Boeing takes itself out of ICBM race

An unarmed Minuteman III intercontinental ballistic missile launches during an operational test April 26, 2017, from Vandenberg Air Force Base, Calif. Boeing dropped its bid to replace the Minuteman III on July 25, 2019 Air Force photograph by Senior Airman Ian Dudley

Boeing has dropped its bid July 25 for a Pentagon contract potentially worth $85 billion, over concerns it said it had with the bidding process.

“After numerous attempts to resolve concerns within the procurement process, Boeing has informed the Air Force that it will not bid for Ground Based Strategic Deterrent Engineering and Manufacturing Development under the current acquisition approach,” the company said in a statement. “We’ve evaluated these issues extensively, and determined that the current acquisition approach does not provide a level playing field for fair competition.”

Boeing’s withdrawal from the race leaves Northrop Grumman as the only remaining contender for the contract to replace the nation’s land-based intercontinental ballistic missiles known as the Minuteman III.

Boeing Defense CEO Leanne Caret detailed the company’s issues with the procurement process in a July 23 letter to Will Roper, Air Force acquisition executive.

“Throughout the procurement process, Boeing has been transparent with the Air Force about its concerns with the competition,” she wrote. “The final RFP released on July 16 made only modest changes to the draft RFPs that had been previously released. As relevant to the concerns Boeing had raised, the final RFP extended the proposal submission deadline by 60 days, from 90 days after the RFP’s issuance to 150 days, and allowed offerors to submit ‘an alternative proposal in addition to their principal proposal,’ that could include ‘a single, combined proposal’ from both competitors.”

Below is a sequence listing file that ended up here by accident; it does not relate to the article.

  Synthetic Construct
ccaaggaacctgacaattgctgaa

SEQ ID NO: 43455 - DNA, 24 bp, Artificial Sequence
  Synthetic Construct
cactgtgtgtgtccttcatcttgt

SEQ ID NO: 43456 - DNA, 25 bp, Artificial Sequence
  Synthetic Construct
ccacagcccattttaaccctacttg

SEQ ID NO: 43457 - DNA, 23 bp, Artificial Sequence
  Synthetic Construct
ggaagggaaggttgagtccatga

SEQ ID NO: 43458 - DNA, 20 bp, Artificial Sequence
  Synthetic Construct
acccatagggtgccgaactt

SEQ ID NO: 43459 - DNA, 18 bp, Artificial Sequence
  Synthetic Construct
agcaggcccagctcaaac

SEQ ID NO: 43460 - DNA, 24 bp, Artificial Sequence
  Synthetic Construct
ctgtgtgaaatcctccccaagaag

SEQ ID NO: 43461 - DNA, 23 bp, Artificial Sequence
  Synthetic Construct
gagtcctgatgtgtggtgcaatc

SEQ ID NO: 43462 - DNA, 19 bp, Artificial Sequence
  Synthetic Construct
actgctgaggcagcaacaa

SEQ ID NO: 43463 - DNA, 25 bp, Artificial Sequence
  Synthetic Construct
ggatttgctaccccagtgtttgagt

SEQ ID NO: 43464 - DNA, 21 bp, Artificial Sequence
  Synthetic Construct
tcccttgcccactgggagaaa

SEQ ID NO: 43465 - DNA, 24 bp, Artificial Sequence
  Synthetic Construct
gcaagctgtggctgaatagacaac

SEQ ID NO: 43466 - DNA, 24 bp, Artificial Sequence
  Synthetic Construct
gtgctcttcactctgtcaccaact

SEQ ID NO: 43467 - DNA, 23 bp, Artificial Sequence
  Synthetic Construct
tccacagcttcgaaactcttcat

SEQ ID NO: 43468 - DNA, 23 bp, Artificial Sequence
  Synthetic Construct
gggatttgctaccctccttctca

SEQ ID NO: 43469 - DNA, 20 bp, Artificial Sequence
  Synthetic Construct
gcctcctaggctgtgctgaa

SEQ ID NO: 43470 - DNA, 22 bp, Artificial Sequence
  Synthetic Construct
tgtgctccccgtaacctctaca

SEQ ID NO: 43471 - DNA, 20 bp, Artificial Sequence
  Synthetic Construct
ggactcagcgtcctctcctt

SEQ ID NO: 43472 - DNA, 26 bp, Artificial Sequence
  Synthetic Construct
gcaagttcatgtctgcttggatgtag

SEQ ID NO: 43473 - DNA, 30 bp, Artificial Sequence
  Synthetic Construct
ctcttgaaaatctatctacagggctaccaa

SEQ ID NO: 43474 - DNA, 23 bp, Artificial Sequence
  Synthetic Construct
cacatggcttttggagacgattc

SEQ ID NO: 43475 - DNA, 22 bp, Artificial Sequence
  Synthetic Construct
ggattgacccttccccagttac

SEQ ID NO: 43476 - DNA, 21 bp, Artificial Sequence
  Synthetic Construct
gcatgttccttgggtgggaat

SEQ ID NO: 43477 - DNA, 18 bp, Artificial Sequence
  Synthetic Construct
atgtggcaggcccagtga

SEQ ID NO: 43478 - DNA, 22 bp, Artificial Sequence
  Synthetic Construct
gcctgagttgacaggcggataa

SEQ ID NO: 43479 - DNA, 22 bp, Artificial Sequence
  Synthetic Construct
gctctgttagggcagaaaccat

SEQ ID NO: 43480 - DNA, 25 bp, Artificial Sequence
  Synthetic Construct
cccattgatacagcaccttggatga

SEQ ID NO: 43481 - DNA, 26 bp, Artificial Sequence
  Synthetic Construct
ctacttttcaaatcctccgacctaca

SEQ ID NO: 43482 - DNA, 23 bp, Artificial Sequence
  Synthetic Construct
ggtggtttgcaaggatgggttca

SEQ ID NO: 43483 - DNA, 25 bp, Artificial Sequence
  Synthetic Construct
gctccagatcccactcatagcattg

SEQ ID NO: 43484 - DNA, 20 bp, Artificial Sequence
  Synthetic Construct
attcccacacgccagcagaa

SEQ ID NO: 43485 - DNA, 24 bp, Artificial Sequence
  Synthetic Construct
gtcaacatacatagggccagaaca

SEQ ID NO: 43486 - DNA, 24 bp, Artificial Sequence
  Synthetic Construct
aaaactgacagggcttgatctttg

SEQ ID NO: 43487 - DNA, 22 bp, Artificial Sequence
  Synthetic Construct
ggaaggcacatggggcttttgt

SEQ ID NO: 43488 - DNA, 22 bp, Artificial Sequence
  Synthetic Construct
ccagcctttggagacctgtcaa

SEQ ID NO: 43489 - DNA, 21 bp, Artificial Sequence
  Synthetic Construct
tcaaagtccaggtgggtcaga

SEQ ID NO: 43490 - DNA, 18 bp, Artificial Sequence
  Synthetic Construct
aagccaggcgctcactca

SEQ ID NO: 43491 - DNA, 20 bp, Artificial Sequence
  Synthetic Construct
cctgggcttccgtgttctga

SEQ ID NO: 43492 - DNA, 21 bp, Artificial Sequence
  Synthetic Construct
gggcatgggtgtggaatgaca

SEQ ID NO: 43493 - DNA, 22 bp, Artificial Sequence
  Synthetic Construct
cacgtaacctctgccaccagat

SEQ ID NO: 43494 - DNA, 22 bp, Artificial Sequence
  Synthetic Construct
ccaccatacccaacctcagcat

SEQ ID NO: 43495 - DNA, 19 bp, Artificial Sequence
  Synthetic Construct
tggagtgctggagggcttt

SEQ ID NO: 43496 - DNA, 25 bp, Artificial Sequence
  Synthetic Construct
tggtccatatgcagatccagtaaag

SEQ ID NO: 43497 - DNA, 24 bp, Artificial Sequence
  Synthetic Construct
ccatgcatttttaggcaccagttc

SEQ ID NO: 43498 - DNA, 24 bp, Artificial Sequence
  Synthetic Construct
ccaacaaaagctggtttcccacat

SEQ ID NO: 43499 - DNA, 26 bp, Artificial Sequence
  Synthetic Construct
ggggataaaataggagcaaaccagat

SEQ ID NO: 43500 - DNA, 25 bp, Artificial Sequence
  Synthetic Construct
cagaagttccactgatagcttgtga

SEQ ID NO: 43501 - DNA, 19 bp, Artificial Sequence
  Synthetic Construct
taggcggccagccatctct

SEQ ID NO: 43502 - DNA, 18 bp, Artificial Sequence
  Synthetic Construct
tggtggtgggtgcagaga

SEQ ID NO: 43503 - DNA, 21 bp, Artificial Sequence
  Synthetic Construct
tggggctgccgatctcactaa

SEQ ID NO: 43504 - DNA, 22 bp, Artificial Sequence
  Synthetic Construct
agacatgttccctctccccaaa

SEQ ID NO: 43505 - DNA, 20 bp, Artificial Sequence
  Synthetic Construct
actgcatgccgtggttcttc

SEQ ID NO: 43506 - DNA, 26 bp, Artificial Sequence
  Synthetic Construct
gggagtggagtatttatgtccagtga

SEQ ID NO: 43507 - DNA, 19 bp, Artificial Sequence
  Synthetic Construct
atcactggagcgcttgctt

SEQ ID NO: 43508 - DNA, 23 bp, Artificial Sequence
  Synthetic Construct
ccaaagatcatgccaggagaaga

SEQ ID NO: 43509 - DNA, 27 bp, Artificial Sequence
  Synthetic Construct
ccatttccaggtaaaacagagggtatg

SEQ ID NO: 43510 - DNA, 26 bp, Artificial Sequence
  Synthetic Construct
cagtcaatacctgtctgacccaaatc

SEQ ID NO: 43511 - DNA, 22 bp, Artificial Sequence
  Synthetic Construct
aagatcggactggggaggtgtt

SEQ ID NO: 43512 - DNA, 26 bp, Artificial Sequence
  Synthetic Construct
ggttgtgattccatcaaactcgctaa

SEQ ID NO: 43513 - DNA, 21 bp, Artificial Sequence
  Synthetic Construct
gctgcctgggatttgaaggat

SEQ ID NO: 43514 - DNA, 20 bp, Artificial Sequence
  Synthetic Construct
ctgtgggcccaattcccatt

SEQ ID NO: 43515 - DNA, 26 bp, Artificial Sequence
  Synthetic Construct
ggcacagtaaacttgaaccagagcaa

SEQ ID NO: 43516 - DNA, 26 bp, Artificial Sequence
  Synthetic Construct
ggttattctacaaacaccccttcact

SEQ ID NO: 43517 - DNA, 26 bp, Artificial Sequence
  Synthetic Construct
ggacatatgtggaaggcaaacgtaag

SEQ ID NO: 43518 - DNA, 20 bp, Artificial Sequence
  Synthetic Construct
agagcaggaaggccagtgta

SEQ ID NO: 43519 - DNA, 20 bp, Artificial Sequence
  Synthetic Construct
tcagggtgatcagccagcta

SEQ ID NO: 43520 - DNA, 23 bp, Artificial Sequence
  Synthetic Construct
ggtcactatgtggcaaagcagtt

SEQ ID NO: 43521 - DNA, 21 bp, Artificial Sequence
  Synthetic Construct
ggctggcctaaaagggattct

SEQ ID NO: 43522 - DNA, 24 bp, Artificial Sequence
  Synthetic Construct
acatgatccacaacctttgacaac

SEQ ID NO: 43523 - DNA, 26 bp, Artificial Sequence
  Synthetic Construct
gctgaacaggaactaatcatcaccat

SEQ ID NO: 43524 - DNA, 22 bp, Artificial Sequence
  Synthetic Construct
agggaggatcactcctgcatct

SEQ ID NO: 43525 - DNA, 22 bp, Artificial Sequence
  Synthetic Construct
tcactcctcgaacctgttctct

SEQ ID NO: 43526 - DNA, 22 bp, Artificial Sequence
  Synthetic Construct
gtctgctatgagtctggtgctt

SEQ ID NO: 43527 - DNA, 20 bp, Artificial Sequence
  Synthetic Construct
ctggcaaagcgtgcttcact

But Caret said that those changes did not address Boeing’s primary concern: that Northrop Grumman would have an unfair advantage in the competition due to its recent acquisition of solid rocket motor manufacturer Orbital ATK, now known as Northrop Grumman Innovation Systems.

NGIS is one of two U.S. manufacturers of solid rocket motors, alongside Aerojet Rocketdyne, but both Boeing and Northrop had chosen Orbital as its supplier for GBSD prior to the merger.

According to Caret, Northrop only recently — as of July 3 — signed off on an agreement that would firewall Boeing’s proprietary information from Northrop’s own GBSD team as Boeing negotiates with NGIS for solid rocket motors. Even though an agreement has now been reached, Caret contends that Boeing does not have enough time to negotiate a competitive price for the motors.

Caret said the current acquisition approach gives Northrop “inherently unfair cost, resource and integration advantages related to SRMs,” adding: “As I said in my July 8 letter, we lack confidence in the fairness of any procurement that does not correct this basic imbalance between competitors.”

Even the Air Force’s accommodation that would allow Northrop and Boeing to submit a joint bid “is not a workable solution to these issues,” she said.

“Because the final RFP does not address Northrop’s inherent advantage as a result of its control of SRMs, Northrop retains the ability to compete on unequal terms against either a Boeing or a joint ‘alternative’ proposal — and as a result, would not be incentivized to devote the significant resources required to develop such a proposal,” Caret said.